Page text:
As many university seniors enter their final year of college, it’s time to start thinking about finding a job after school is over. For new graduates, the job market can feel overwhelming, especially with the bleak outlook for 2014 grads. According to the Economic Policy Institute, the unemployment rate for young college grads under 25 is 8.5 percent, compared with 5.5 percent in 2007, and the underemployment rate is 16.8 percent.
These numbers just prove that it can be tough out there for inexperienced job seekers, but having the right tools will give you an edge. Follow these tips to start your job search with confidence.
A professional, yet stand-out resume and cover letter are possibly your most important tools when job hunting. Regardless of experience (or lack thereof), the right language and format can help yours make an impression among a sea of resumes. CBS MoneyWatch points out that new college grads commonly overlook some basic rules for crafting a professional resume.
First, while it’s good to emphasize your strengths, don’t oversell yourself. Outline your experience from internships and school and any special skills you have, but don’t boast or use too many adjectives. Also, don’t put emphasis on skills that are not relevant to the job position. Pay attention to the job requirements and what the employer is looking for. Customize your resume and cover letter to each specific company and position you are applying for.
Change Your Look
When you are on the job market, you have to look like a professional, not a college kid. Whether it’s your first interview or first day on the job, business attire can help impress employers. Workplace attire is not as formal as it once was, says Forbes. You most likely will not be expected to wear a suit and tie to work, but remember that first impressions are everything and dressing formal for a job interview is better than under dressing. In the article, Mark Strong, a career and life coach, said 80 percent of job applicants usually dress appropriately, but many people make common mistakes like wearing a skirt that is a tad too short or too much cologne. Forbes suggests wearing something that makes you feel confident and comfortable.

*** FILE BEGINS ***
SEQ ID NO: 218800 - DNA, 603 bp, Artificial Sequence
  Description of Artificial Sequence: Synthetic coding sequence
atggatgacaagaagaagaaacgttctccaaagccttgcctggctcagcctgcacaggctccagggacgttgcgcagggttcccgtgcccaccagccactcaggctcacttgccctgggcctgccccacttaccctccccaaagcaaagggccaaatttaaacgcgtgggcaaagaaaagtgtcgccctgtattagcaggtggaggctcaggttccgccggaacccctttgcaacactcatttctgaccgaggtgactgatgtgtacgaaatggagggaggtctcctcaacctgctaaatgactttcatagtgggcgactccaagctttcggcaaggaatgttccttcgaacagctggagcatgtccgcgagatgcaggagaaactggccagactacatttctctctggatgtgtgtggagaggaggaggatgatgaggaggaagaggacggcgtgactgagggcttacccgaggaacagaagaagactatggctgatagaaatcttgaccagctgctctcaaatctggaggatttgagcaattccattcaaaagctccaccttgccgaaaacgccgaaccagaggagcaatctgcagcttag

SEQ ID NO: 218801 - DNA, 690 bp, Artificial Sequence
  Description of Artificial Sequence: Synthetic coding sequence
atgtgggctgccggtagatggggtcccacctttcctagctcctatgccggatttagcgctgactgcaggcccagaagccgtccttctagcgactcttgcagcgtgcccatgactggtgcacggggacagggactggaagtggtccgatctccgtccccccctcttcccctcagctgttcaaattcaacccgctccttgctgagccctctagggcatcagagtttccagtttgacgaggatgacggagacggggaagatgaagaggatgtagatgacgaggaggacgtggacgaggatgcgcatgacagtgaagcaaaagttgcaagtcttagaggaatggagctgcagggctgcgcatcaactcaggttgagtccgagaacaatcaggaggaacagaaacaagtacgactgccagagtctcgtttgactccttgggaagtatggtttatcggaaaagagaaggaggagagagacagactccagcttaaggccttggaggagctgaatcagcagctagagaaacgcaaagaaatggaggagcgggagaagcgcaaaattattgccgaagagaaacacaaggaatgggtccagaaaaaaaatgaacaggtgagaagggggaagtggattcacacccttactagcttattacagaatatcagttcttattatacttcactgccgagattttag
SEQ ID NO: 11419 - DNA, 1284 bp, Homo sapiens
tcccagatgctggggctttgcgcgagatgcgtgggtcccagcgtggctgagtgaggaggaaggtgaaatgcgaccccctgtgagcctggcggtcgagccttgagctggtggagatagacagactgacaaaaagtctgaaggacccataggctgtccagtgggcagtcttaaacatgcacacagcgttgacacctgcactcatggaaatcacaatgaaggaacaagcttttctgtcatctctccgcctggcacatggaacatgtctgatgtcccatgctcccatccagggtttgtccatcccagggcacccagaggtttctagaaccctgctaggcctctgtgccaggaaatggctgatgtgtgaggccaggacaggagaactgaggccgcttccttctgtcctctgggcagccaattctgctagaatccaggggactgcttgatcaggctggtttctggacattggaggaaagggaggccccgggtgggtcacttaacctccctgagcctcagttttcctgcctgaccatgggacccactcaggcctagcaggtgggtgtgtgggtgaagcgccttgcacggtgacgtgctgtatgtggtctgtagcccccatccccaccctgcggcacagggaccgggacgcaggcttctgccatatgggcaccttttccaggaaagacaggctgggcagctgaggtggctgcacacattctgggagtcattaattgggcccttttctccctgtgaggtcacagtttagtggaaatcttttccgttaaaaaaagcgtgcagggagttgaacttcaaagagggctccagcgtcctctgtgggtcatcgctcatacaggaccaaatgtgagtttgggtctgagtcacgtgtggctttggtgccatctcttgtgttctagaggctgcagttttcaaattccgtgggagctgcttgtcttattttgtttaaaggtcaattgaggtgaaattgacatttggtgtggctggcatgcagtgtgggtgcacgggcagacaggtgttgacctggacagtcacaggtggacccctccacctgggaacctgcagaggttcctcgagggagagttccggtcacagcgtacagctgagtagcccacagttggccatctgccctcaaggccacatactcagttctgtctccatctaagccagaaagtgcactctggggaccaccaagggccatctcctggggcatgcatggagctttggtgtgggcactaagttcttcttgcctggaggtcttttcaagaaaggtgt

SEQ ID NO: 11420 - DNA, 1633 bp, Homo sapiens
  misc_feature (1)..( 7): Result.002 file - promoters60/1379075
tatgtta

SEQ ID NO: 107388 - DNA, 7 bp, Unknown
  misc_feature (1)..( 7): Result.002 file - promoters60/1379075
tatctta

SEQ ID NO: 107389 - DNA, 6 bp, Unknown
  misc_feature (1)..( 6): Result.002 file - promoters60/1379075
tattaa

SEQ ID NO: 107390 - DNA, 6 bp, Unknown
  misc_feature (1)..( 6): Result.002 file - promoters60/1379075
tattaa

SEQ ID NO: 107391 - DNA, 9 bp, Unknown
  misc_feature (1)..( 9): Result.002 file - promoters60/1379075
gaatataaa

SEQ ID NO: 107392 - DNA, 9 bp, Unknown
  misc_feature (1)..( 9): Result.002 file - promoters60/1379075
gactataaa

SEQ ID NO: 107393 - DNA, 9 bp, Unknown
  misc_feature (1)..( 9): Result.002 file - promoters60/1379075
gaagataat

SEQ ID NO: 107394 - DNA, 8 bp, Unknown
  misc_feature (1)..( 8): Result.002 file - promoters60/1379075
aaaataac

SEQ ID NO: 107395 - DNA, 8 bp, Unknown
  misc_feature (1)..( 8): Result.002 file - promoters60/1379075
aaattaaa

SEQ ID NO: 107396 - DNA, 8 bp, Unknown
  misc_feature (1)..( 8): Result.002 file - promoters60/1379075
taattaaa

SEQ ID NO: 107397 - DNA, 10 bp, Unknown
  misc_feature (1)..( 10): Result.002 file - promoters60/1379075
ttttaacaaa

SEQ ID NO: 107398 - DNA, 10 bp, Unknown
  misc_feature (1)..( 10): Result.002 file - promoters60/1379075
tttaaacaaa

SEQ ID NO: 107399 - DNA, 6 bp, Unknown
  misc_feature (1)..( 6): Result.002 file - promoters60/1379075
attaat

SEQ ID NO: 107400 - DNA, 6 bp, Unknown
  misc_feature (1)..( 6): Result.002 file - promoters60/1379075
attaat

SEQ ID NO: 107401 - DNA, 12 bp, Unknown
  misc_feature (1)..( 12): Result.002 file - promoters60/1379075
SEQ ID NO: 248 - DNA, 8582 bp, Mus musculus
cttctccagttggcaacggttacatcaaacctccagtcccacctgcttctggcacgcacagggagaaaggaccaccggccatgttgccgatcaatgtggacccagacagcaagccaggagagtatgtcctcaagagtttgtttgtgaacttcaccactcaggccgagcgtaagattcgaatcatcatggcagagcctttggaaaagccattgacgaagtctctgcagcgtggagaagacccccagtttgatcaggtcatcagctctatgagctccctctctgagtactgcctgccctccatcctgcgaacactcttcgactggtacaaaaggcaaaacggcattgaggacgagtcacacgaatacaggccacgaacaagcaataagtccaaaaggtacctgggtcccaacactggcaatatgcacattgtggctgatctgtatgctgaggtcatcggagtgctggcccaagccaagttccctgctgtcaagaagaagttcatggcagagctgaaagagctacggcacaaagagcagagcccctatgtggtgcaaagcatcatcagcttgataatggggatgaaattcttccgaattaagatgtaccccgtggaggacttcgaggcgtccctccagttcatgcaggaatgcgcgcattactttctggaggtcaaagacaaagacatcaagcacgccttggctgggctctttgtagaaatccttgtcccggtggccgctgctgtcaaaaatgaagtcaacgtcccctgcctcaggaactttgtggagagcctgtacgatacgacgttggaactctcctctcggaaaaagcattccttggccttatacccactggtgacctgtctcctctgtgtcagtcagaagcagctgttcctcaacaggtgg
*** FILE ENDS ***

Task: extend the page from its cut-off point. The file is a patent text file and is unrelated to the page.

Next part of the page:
Most employers won’t look twice at a candidate who doesn’t have a reliable source of transportation. If you don’t live in a city with extensive public transit, a car or other vehicle is a necessity. Buying a car after college can be an overwhelming experience in itself, but you can research the best and most affordable used vehicles on sites like Kelley Blue Book. A major purchase like a car is also a good way to build your credit worthiness.
Before The Interview
Landing an interview is just the first step. For most positions, you will have to interview two or three times and stand out above the other candidates. Before meeting with your potential employer, research the company online as well as the interviewer (if you know). Sites like LinkedIn can be very helpful to learn more about the company and interviewer. U.S. News Money suggests going through the job description line by line and then think about how your experience or skills compare. Use these as points in your interview to emphasize your strengths. Lastly, prepare some questions to ask during the interview. Good questions include: “What are the biggest challenges of this role?” or “What is a typical day look like for this position?” and “What are the next steps in the hiring process?”
Above all, stay confident in your job search and don’t get discouraged. Follow the right steps, be prepared and learn from the experience.